Re-imagining post COVID-19 Nigeria through the lens of socio-economic rights guaranteesPosted: 9 July, 2020 Filed under: Oyeniyi Abe | Tags: African Charter, COVID-19, gas, GDP, global pandemic, human rights, impact, International Bill of Rights, Nigeria’s exports, oil, Ouagadougou Declaration, pandemics, socio-economic rights, weak health care system 2 Comments
Author: Oyeniyi Abe
Research Fellow, Centre for Comparative Law in Africa, Faculty of Law, University of Cape Town, South Africa.
The surge in susceptibility to pandemics is a threat to the existence of not only the global order but a nation state bedeviled by weak health care system and non-existent guarantees of socio-economic rights. The socio-economic impact of the COVID-19 global pandemic, has resulted into a decline in demand for the sole product of Nigeria’s exports – oil and gas, affecting Nigeria in disproportionate ways, and causing serious consequences as a result of systemic deficiencies and lack of quality health care systems. This article considers that this is an opportune time for the government to consider constitutional and realistic guarantees of socio-economic rights, amongst other things, as veritable shields against the threat of a pandemic.
The realisation dilemma
The realisation of socio-economic rights places fundamental responsibilities on the State to respect, protect and fulfil human rights. The responsibility to fulfil these rights exceed a state’s obligation of non-interference with the enjoyment of these rights. Hence, states are not only obliged to make the services available, but also affordable, accessible and of good quality, if there is to be any meaningful claim to having fulfilled the right. The lack of resources is not an excuse for the state’s inaction. States must show targeted and progressive commitment to ensure the realisation of these rights.
Constitutionally, right to health (and other socio-economic rights) are not guaranteed in Nigeria. While some jurisdictions have acknowledged the symbiotic relationship between first and second generational rights, Nigeria is yet to realise this despite the provisions of the International Bill of Rights, and article 16 of the African Charter, which Nigeria is a signatory to. The dilemma in realising these rights, coupled with weak healthcare system, has created an apathetic stance on the part of the state to focus on strengthening the health sector.
Avoiding right to health quandary in a post-pandemic Nigeria
Since COVID-19 will not be the last epidemic in coming years, I highlight three fundamental considerations for the Nigerian state, to guarantee its preparedness, preventing an outbreak and ability to speedily mitigate its effect should it occur, through rights realisation. Approaches such as disease prevention, detection, and provision of permanent isolation centers, alone, without guaranteeing right to healthcare will be illusionary. For example, permanent isolation centers will serve as a constant reminder of the precarious situation of healthcare system in Nigeria. What is therefore important is Nigeria’s preparedness for a new health order or measures to cushion the effects of a pandemic?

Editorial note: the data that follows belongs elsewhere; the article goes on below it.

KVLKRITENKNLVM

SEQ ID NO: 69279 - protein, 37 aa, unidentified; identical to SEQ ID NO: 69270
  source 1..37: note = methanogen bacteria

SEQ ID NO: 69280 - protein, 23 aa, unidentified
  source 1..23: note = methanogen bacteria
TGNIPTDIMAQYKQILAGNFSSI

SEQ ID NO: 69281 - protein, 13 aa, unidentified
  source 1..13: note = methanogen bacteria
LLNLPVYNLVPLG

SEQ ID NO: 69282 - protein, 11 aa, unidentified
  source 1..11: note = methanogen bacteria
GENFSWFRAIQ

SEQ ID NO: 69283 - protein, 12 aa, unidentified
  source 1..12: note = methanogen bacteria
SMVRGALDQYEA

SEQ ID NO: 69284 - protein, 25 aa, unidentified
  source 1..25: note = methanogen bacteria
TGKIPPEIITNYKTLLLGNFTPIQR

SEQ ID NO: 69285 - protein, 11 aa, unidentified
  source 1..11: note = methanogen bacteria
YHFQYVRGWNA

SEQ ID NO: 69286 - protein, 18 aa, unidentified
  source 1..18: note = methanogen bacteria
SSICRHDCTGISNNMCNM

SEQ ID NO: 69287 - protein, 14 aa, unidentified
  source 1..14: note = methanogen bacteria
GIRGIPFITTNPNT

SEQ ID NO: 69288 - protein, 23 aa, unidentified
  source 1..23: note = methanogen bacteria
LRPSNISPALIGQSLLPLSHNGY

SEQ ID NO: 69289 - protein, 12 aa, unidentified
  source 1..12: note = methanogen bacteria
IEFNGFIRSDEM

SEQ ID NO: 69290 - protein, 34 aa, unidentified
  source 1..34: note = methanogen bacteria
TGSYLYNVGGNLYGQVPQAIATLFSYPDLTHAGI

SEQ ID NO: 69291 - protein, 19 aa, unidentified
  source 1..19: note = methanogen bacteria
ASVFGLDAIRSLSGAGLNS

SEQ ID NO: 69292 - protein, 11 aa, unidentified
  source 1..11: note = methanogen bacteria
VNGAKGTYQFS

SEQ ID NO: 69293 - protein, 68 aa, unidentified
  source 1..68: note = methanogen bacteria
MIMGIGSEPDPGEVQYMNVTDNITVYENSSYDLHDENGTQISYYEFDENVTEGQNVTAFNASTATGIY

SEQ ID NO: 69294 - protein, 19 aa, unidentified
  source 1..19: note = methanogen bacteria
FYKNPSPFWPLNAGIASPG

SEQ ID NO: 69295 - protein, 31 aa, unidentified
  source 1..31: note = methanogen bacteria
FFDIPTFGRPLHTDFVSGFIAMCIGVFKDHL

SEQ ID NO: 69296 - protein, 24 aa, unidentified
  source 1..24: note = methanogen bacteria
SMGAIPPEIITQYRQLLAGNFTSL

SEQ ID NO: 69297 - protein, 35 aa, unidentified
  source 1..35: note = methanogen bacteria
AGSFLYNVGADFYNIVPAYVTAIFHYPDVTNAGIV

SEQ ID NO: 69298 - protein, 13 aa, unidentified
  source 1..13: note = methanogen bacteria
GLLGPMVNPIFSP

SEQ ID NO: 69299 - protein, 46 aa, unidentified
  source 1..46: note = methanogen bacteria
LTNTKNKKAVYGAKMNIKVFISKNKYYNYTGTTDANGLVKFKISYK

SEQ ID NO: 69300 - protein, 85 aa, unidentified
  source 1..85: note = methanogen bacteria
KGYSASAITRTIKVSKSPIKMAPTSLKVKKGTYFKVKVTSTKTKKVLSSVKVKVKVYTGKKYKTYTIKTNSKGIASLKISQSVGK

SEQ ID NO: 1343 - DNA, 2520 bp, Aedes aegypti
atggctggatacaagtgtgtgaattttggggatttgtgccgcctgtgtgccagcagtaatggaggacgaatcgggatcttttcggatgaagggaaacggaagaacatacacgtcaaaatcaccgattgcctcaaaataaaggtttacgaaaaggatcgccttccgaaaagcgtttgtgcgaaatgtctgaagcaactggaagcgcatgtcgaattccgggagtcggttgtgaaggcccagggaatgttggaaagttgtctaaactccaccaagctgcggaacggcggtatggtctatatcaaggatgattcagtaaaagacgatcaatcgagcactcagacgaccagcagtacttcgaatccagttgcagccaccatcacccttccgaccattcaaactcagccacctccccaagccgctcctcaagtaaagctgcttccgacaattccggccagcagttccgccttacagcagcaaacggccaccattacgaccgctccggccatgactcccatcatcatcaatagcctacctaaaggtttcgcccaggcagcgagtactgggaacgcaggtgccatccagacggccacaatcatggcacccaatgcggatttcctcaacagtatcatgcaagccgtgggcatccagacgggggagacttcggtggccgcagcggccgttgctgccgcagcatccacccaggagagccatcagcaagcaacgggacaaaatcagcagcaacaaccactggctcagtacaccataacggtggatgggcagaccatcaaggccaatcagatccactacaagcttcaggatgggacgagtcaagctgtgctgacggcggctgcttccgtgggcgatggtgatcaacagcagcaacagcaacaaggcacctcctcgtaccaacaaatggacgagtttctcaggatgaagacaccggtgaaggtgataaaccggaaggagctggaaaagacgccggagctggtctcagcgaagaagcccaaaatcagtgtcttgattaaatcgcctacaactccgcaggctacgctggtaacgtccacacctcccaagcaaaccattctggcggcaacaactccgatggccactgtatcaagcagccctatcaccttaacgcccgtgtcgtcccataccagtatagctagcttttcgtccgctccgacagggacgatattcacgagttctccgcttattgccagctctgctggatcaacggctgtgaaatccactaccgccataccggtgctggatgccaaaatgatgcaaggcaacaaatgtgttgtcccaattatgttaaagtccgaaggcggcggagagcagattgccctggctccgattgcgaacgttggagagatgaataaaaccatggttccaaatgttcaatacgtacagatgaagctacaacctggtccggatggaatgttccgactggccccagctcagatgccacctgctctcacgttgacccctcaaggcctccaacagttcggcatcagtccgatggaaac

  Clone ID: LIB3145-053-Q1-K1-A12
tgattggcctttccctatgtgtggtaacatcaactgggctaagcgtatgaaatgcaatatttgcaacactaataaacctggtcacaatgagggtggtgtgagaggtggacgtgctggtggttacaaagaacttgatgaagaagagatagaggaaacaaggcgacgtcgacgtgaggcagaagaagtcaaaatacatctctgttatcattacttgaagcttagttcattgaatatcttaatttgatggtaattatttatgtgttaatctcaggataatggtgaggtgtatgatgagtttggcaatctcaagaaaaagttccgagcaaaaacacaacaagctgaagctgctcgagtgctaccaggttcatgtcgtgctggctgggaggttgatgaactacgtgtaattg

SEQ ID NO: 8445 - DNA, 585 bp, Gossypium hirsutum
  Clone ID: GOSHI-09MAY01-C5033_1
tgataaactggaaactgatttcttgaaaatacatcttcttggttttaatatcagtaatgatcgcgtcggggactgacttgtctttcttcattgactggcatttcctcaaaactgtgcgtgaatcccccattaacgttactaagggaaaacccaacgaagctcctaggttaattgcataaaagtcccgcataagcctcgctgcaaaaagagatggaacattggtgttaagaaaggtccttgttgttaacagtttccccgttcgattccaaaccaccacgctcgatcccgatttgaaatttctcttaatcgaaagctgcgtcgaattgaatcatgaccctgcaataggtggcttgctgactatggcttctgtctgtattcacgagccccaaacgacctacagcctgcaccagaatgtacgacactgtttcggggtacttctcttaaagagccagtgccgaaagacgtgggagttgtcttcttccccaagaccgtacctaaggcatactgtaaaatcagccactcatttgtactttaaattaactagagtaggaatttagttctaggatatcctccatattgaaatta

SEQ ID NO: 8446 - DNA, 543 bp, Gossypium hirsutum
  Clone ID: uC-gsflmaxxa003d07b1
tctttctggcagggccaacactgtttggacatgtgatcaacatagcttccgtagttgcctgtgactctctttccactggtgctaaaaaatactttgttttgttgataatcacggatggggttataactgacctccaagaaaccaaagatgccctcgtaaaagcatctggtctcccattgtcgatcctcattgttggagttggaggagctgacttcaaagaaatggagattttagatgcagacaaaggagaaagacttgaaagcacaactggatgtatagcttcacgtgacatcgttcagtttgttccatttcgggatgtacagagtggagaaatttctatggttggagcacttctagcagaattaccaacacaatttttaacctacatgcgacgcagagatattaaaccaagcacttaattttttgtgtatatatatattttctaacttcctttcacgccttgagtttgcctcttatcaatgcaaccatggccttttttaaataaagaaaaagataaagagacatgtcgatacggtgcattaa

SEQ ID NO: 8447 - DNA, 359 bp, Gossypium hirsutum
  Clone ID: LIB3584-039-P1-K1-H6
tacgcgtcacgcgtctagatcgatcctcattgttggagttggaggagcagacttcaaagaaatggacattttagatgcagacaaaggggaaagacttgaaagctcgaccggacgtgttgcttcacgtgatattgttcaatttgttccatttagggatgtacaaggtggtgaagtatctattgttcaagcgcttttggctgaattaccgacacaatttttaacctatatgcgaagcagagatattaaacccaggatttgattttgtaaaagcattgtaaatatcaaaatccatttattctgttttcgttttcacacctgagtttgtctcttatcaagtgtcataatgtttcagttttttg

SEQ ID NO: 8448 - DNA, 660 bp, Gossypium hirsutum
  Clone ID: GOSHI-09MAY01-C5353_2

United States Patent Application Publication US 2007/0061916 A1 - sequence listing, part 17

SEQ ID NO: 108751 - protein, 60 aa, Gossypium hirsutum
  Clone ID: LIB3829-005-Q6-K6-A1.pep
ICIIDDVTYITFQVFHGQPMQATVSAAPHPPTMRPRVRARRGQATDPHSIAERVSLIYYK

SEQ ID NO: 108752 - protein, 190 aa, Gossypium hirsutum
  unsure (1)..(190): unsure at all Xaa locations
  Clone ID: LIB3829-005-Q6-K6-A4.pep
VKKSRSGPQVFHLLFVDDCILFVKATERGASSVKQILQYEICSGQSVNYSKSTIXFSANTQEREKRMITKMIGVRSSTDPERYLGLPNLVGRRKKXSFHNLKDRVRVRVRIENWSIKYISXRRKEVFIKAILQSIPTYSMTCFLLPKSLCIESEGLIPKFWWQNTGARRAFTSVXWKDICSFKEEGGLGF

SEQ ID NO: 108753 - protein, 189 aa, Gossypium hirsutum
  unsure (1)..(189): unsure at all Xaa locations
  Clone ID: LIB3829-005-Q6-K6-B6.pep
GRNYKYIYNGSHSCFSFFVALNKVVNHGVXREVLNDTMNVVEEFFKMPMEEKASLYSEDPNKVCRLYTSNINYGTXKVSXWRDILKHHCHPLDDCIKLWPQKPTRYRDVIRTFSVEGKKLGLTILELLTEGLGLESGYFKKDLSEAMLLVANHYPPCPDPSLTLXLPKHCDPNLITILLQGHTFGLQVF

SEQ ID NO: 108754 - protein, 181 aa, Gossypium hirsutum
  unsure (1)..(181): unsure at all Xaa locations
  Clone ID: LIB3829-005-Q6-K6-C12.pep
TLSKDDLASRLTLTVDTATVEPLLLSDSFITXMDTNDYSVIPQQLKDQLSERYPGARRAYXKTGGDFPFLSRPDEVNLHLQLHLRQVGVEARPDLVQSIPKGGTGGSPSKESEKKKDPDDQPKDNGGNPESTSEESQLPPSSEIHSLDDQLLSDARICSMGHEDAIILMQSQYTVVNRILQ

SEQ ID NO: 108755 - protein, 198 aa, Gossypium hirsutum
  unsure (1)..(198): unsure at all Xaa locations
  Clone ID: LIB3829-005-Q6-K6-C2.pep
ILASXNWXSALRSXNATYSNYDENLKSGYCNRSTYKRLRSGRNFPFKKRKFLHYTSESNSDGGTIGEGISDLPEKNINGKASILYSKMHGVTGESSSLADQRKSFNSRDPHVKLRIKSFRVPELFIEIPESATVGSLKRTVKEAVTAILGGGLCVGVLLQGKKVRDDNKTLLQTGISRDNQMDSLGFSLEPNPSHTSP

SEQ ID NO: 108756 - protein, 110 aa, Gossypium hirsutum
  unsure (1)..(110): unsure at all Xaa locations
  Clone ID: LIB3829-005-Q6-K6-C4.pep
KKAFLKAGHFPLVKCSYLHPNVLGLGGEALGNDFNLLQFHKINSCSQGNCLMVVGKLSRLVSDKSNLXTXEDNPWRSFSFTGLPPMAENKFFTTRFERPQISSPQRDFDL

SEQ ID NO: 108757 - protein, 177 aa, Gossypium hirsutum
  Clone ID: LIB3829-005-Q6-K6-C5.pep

First, Nigeria must devote at least ten percentage of its GDP, towards a resilient healthcare system capable of early detection and managing outbreaks of epidemics. While an healthy nation produces a wealthy nation, good healthcare system acts as a radar screen to detect outbreaks of diseases and an effective system for executing efficient response. Functional healthcare, which are essential anchors to public health systems, can effectively deal with emerging disease prevention and treatment. This position was well articulated in the Ouagadougou Declaration on Primary Health Care and Health Systems in Africa, which emphasised key areas for prioritising healthcare. Most important amongst these areas is the strengthening of leadership and governance for healthcare. Sadly, Nigeria’s healthcare system is faced with grim leadership, governance and management challenges, including weak legal protection and enforcement capabilities for healthcare services. Akin to this sad reality is the lack of well-equipped laboratories furnished with adequate staff and supplies. Outbreaks such as Ebola, and COVID-19 continue to expose the precarious position and failure of Nigeria’s public health care, especially with regards to early detection of diseases, surveillance, tracking and tracing. Furthermore, lack of proper health information systems impedes coordinated response time. Information on detection and tracing about COVID-19 must be based on data and science. Thus, where reliable health information systems are not available, the systems may not work effectively to deliver results, as critical health information may be buried under bureaucratic bottlenecks.